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‘User-generated content’ and the Irish media.

A short documentary.

Derek Bowler, of Storyful, writes:

RTÉ TV3, 3E, INM, 98FM,, FYI and many other media organisations and outlets have used User Generated Content in broadcasts, online and across their social media platforms without permissions from the content owners, and without attribution or courtesy to them.

There have also been repeated instances of misattribution and the re-use of unauthorised copies of the original content.

The aim of this piece is highlight the unethical practices of Irish media organisations and how they are knowingly operating outside of both Irish and international copyright law…


Derek Bowler

25 thoughts on “Users

  1. sǝɯǝɯʇɐpɐq

    This is ridiculous.
    It’s just student-journalists complaining about how the way Journalism has changed faster than they can.

    You took the wrong course.
    It isn’t what you thought it was going to be.
    Get over it. Do another course.
    Nobody owes you a living. Get out and earn it.

    Kids these days!!!!!

  2. Manta Rae

    Oh, look at the media firm that is owned by Rupert Murdoch whose newspapers hacked a dead schoolgirl’s mobile phone getting on their high-horse about ‘stealing’. Hypocritical nonsense.

    1. sǝɯǝɯʇɐpɐq

      You’re not allowed say that. These kids are trying to suppress that thought.
      They work for NYAHHH-Nyahhhh…nahhhh. I can’t hear you, I’m not listening anymore…

      They want to work for NYAHHH-Nyahhhh…nahhhh…I’m not listening to you…

      I give up.

  3. Birneybau2

    Disappointing lack of MaximumMedia, that stalwart organisation behind Joe, Her etc…

  4. rotide

    This is a global issue at the moment , not an irish one.

    This just looks like storyful having a dig at benchwarmers for some obscure reason. (I’m not sure benchwarmers are quite the new media entertainment megahub that this piece makes them out to be anyway)

    1. sǝɯǝɯʇɐpɐq

      I don’t feel well.
      I agree with rotide and that doesn’t agree with me.
      …then I read that first ‘sentence’ again and my breathing goes back to normal.

      This is a global issue at the moment , not an irish one.
      -Classic ritoad. Makes no sense, isn’t worth tuppence, etc.

  5. ForFecksSake

    I wonder which Irish company this might have been that pestered a witness to the Brussels airport attack and his clients.

    ” Amongst of all this, an Irish company (which, notably, had also contacted my clients) is particularly insistent.”

    “He goes nuts in an Irish accent — the video was five times longer than he thought. He asked me — forcefully — to send the agreement that I had reached with CNN so he could “check with his legal team how to get around the limits of the agreement”. I tell him clearly that this was making me want to vomit, and ask him to leave me alone. A request which didn’t stop him sending me more emails to check that I hadn’t changed my mind.”

  6. Supercrazyprices

    I’m sure the Irish Independent would make every effort to contact any dead pedestrians who may feature in a Chinese road accident CCTV footage.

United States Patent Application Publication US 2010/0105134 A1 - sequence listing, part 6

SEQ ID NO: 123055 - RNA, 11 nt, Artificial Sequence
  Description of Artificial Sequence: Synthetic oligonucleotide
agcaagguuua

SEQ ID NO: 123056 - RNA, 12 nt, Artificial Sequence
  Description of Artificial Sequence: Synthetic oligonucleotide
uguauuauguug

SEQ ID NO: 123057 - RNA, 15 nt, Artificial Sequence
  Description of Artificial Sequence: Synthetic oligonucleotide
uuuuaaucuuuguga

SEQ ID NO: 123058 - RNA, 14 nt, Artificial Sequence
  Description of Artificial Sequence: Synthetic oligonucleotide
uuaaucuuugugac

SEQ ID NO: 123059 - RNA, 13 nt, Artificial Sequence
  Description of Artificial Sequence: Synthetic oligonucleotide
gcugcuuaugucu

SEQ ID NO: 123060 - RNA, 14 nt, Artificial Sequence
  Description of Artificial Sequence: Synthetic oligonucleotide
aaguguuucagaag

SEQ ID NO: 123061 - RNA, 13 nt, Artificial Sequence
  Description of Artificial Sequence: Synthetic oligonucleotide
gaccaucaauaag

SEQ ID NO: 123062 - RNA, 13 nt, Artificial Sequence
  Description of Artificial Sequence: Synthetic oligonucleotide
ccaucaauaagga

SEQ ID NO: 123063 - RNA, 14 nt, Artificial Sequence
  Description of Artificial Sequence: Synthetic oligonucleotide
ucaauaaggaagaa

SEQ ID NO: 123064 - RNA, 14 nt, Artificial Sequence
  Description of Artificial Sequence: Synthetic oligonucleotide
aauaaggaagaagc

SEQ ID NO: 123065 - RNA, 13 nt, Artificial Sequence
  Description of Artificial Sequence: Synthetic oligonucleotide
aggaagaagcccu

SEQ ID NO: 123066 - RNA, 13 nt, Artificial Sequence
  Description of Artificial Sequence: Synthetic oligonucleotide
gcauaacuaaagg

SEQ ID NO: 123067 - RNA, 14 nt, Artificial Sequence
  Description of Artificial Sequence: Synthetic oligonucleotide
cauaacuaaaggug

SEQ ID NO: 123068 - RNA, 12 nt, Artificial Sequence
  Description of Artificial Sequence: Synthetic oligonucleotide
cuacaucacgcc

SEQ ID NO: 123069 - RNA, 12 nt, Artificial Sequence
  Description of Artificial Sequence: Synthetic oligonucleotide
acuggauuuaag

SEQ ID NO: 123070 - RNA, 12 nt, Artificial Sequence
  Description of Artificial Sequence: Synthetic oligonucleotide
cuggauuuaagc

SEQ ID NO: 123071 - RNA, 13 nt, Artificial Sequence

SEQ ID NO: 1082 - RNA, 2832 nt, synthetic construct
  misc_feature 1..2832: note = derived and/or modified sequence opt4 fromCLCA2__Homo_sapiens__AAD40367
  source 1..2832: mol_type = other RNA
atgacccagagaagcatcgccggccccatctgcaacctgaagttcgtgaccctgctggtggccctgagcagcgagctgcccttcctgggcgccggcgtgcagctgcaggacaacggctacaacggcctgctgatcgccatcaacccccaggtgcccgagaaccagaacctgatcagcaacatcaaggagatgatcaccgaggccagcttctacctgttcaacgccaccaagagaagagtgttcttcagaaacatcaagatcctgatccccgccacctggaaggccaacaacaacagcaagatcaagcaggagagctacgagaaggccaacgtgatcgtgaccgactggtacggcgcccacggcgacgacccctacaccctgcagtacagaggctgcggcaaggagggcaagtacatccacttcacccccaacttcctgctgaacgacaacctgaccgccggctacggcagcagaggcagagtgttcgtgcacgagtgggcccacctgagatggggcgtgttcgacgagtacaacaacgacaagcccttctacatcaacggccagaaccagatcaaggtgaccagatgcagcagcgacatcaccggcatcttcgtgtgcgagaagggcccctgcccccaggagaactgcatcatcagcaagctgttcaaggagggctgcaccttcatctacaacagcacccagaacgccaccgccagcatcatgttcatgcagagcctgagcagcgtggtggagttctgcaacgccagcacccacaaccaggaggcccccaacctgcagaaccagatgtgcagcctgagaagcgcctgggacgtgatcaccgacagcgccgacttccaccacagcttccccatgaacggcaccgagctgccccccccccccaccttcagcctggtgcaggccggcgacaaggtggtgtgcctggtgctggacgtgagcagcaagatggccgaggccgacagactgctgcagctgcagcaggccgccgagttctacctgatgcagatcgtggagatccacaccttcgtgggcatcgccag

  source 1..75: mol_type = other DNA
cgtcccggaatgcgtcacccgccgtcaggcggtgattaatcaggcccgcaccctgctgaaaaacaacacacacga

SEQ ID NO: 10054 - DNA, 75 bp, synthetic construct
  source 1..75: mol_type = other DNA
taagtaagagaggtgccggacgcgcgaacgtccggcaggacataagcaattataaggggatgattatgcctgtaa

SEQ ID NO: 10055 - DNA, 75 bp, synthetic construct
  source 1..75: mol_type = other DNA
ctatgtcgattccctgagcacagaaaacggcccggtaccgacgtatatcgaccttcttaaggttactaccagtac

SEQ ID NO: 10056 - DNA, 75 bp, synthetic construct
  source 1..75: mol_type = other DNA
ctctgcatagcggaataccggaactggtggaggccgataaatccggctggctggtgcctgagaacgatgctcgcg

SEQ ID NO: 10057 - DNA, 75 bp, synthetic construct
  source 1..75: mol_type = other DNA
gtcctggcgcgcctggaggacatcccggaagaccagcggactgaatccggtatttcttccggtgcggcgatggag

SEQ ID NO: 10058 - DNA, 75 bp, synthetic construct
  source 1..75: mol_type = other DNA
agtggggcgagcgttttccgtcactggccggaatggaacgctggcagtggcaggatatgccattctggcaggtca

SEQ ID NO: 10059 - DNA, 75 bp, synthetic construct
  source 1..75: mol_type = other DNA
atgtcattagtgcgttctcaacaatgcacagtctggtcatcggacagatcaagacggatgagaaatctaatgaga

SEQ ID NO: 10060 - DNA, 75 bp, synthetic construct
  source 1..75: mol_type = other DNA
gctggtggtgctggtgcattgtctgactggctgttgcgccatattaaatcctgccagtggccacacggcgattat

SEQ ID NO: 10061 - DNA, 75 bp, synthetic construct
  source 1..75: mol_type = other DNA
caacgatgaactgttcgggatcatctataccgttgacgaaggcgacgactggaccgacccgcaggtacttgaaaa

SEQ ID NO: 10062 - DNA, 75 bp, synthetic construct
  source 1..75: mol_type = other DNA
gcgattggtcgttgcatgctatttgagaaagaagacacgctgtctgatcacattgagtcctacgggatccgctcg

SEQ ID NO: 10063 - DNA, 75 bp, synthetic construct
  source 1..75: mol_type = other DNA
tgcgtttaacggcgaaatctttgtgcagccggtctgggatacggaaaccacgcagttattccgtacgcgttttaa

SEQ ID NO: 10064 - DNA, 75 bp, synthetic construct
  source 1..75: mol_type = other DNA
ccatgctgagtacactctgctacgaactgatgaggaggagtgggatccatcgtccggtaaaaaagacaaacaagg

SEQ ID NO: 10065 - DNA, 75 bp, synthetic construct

“The shocking moment a truck loses control and….”

    That’s not journalism. That’s just porn.

    1. ForFecksSake

      That’s not actually relevant. If a video is in a public place the person in it doesn’t need to be contacted. It is the person who shot the video.

      1. Supercrazyprices

        That’s not my point.

        My point is the posting of that kind of footage at all.

  7. ForFecksSake

    The audio isn’t properly synced. Also they basically want to break the internet (not in the Kardashian way).

    1. Joe Bloggs

      I noticed that too. Kinda ironic when they are taking about media content being their business?

  8. kingo

    I have the odd time stories that end up on various websites not much point trying to get paid for them. the papers will pay.

  9. Bruncvik

    I’m having two main issues with the people interviewed in this story:

    1. The Press Ombudsman is talking about reimbursement of the content owner. Reimbursement happens after content is being taken without permission, and the content owner demands payment. What the ombudsman should focus on is obtaining permission prior to taking the content. That permission may be free to give, or in exchange for payment. If this was commonplace, reimbursement wouldn’t even be an issue. If the ombudsman wants to focus on anything, it’s obtaining permissions, and not seeking back pay.

    2. The lad from Benchwarmers making the excuse that some owners cannot be tracked down. That’s irrelevant. Copyright law is unambiguous, and the rights are still owned by someone other than Benchwarmers. If they can’t track down the owners, they are out of luck, won’t get permission and cannot show the content, unless they can prove that the content is so old that copyright on it expired. I ran into the same issue years ago when I was trying to document early video games, whose copyright ownership passed through various entities, until it was lost. The sad fact is that many of these games were lost forever, because their physical media deteriorated beyond repair, and in the absence of permission from the copyright owner they could not be legally copied in time. However, the law stands as it is, and unless it’s changed, people (and Benchwarmers) should abide by it.

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